Relative to the general population, criminal offenders have a higher risk of suicide. Neurobiological deficits related to suicidal behavior have been identified in the general population, but unexamined in offenders to date. We examined the association between brain morphology and suicidal behavior in adult male criminal offenders. Brain morphology was examined using voxel-based morphometry (VBM) and source-based morphometry (SBM), a multivariate alternative to VBM which analyzes brain volume in between-subject spatially independent networks. Results showed that offenders with past suicide attempts (n = 19), relative to offenders without past suicide attempts (n = 19) and non-offenders (n = 26), had reduced gray matter in an SBM component that comprised the posterior cingulate, dorsal prefrontal cortex, and amygdala. The SBM source weights were significantly associated with suicide attempts independent of other suicide risk variables (e.g., depression). VBM results were similar to the SBM results but less robust. The results reveal a potential neurobiological marker of vulnerability to suicidal behavior among criminal offenders and illustrate the utility of multivariate methods of gray matter analyses.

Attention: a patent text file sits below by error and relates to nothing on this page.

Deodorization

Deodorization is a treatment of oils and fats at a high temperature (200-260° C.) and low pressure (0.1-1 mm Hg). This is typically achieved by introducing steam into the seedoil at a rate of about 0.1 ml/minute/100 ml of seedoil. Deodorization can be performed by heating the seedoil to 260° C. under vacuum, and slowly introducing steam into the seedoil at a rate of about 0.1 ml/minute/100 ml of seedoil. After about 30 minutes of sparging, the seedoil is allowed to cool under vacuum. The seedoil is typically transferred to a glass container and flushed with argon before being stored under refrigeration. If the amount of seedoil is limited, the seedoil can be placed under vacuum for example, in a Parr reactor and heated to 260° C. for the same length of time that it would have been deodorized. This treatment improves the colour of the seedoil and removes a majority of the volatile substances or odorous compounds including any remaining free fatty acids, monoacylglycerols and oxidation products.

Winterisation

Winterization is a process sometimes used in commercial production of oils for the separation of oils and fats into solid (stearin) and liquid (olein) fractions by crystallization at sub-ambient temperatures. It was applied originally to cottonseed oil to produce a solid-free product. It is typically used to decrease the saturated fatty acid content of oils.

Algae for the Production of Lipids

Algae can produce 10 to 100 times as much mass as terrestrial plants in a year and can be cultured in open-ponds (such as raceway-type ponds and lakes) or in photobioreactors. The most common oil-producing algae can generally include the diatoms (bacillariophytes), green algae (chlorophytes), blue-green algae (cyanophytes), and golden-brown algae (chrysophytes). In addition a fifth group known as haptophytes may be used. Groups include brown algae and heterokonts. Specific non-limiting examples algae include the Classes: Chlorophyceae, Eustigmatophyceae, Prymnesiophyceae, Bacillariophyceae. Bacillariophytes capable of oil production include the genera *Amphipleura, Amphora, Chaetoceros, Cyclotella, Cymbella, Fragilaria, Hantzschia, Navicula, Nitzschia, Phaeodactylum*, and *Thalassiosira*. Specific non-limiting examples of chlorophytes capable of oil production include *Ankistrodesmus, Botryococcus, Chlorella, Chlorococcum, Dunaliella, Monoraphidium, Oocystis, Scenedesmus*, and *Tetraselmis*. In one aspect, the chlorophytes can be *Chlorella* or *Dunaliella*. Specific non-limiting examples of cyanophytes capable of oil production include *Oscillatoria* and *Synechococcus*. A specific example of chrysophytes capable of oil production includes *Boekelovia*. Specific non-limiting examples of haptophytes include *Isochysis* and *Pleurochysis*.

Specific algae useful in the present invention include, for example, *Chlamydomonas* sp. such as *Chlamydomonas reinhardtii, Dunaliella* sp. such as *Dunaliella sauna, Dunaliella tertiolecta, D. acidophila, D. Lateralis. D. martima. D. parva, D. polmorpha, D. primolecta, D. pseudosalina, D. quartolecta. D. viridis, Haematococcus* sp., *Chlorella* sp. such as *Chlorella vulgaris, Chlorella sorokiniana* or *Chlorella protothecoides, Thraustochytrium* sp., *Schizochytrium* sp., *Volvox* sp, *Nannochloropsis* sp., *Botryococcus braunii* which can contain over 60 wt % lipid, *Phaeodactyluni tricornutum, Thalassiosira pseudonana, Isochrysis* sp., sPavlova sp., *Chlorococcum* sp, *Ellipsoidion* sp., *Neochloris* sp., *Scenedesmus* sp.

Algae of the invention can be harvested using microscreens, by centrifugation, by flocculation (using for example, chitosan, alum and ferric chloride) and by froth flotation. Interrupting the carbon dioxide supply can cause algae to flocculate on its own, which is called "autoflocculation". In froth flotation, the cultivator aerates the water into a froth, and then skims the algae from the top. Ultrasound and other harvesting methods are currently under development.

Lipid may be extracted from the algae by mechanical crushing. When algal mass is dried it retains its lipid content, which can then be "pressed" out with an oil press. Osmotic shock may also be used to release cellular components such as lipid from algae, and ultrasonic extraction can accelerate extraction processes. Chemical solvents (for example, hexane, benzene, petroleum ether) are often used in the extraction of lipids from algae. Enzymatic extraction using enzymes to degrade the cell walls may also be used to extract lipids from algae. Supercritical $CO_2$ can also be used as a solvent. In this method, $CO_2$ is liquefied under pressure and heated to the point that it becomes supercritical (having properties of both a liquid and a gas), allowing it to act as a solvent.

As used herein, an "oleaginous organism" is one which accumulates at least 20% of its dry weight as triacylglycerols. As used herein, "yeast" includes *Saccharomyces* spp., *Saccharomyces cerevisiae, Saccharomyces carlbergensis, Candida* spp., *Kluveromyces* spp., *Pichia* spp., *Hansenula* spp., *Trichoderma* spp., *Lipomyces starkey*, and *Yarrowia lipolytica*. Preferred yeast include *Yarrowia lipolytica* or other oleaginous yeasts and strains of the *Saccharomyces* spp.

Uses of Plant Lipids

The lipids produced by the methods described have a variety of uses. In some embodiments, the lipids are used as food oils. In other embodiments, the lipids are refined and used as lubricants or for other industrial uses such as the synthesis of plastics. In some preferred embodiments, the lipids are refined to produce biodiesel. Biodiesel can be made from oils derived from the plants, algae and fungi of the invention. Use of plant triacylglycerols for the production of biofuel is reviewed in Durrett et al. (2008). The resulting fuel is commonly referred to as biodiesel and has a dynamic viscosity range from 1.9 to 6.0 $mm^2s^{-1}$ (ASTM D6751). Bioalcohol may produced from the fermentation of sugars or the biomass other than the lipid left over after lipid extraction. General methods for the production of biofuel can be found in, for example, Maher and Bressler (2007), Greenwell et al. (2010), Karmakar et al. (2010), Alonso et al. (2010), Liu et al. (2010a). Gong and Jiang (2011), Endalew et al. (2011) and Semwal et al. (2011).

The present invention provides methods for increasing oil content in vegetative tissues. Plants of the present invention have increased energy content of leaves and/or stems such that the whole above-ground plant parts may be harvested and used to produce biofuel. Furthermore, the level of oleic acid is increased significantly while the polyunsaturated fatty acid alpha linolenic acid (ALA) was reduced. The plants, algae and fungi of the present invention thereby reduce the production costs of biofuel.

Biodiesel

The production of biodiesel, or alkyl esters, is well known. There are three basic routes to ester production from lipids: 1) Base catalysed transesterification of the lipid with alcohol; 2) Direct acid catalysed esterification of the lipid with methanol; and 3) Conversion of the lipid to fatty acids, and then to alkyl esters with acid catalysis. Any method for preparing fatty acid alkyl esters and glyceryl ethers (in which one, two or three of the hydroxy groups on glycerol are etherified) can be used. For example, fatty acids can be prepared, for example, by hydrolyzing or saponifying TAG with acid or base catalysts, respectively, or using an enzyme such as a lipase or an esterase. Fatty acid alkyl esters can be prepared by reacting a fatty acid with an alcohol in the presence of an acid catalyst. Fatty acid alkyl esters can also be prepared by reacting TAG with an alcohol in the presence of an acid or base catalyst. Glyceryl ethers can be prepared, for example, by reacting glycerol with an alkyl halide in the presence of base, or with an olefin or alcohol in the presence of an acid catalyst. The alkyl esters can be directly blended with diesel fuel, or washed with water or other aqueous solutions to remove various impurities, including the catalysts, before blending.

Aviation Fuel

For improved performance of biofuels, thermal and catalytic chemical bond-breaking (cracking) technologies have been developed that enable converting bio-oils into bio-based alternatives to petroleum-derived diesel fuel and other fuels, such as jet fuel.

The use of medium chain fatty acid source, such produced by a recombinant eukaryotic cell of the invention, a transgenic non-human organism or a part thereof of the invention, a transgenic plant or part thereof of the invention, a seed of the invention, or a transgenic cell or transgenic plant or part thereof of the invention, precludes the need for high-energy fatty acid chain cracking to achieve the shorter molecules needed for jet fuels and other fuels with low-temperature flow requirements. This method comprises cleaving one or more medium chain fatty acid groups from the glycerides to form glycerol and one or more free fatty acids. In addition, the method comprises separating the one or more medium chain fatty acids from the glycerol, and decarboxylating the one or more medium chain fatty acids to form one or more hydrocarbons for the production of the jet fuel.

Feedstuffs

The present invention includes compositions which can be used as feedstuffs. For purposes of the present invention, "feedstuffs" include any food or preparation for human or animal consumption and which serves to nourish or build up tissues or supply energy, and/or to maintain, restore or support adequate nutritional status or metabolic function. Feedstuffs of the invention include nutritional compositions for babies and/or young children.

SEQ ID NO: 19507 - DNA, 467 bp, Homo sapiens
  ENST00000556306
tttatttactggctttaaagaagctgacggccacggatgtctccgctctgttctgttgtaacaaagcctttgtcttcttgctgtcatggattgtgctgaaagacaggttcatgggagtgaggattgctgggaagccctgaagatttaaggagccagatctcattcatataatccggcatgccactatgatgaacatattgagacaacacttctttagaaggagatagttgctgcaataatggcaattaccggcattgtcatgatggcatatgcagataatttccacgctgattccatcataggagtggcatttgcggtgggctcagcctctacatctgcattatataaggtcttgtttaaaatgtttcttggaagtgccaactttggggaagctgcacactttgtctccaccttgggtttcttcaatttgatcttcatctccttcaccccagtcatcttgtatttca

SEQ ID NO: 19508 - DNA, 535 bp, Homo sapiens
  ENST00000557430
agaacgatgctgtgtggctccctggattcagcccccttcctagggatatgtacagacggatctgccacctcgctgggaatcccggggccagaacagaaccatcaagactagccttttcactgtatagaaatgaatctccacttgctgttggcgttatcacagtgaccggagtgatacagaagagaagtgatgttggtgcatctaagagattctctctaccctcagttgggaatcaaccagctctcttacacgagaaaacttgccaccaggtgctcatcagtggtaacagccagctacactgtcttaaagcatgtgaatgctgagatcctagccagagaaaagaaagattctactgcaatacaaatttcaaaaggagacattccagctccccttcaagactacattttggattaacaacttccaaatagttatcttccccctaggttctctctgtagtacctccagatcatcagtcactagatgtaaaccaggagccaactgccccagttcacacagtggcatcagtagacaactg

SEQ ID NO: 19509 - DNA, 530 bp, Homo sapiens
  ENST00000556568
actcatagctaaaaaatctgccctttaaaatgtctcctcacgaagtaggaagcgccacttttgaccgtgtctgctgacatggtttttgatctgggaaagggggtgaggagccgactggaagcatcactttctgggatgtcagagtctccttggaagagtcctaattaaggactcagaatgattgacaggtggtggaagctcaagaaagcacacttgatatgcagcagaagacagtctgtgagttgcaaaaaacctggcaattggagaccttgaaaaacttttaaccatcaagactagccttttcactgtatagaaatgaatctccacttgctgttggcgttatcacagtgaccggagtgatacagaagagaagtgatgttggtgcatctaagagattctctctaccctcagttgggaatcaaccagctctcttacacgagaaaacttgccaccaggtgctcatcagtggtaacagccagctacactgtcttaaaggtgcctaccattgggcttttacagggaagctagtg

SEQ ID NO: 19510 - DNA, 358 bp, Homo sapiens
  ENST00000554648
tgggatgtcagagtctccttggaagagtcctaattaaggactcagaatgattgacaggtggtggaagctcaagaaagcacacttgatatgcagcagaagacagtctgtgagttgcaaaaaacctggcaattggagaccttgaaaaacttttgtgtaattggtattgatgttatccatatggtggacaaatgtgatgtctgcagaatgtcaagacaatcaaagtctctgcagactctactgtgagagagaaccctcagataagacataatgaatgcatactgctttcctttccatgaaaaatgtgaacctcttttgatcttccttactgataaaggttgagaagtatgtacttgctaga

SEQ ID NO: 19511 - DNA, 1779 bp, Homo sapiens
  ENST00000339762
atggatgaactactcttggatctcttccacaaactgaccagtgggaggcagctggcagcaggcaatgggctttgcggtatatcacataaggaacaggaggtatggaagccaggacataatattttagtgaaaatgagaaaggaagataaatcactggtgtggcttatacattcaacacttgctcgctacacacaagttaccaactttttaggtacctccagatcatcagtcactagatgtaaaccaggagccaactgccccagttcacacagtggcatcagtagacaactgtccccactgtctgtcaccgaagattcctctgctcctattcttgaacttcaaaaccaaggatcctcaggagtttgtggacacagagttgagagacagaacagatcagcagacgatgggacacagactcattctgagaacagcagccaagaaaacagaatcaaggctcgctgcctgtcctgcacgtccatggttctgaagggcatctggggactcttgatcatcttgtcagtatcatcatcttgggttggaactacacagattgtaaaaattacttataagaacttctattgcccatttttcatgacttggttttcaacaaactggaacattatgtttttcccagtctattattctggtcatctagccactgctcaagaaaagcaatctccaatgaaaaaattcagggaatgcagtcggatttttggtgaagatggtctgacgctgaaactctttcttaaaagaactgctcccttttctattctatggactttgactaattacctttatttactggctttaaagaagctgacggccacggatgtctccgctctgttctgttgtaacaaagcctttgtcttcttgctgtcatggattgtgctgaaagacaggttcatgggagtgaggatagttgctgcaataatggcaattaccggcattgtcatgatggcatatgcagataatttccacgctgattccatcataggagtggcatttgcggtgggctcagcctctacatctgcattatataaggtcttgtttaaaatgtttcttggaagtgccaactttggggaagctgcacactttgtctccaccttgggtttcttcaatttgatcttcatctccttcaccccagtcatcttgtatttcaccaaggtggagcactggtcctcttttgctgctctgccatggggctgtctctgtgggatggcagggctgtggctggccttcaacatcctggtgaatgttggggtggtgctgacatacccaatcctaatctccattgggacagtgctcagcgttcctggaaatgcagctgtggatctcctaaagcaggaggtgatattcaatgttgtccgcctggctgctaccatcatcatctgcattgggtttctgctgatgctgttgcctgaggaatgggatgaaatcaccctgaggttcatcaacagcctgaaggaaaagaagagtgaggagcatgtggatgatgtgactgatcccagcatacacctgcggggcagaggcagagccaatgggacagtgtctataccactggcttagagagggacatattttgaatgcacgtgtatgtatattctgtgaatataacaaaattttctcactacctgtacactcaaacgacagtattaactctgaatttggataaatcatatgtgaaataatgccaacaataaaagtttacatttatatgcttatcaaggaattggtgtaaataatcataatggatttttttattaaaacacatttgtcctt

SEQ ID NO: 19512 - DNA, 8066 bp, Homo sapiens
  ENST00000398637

Keywords: Criminal; Gray matter; Neuroimaging; Posterior cingulate; Suicide.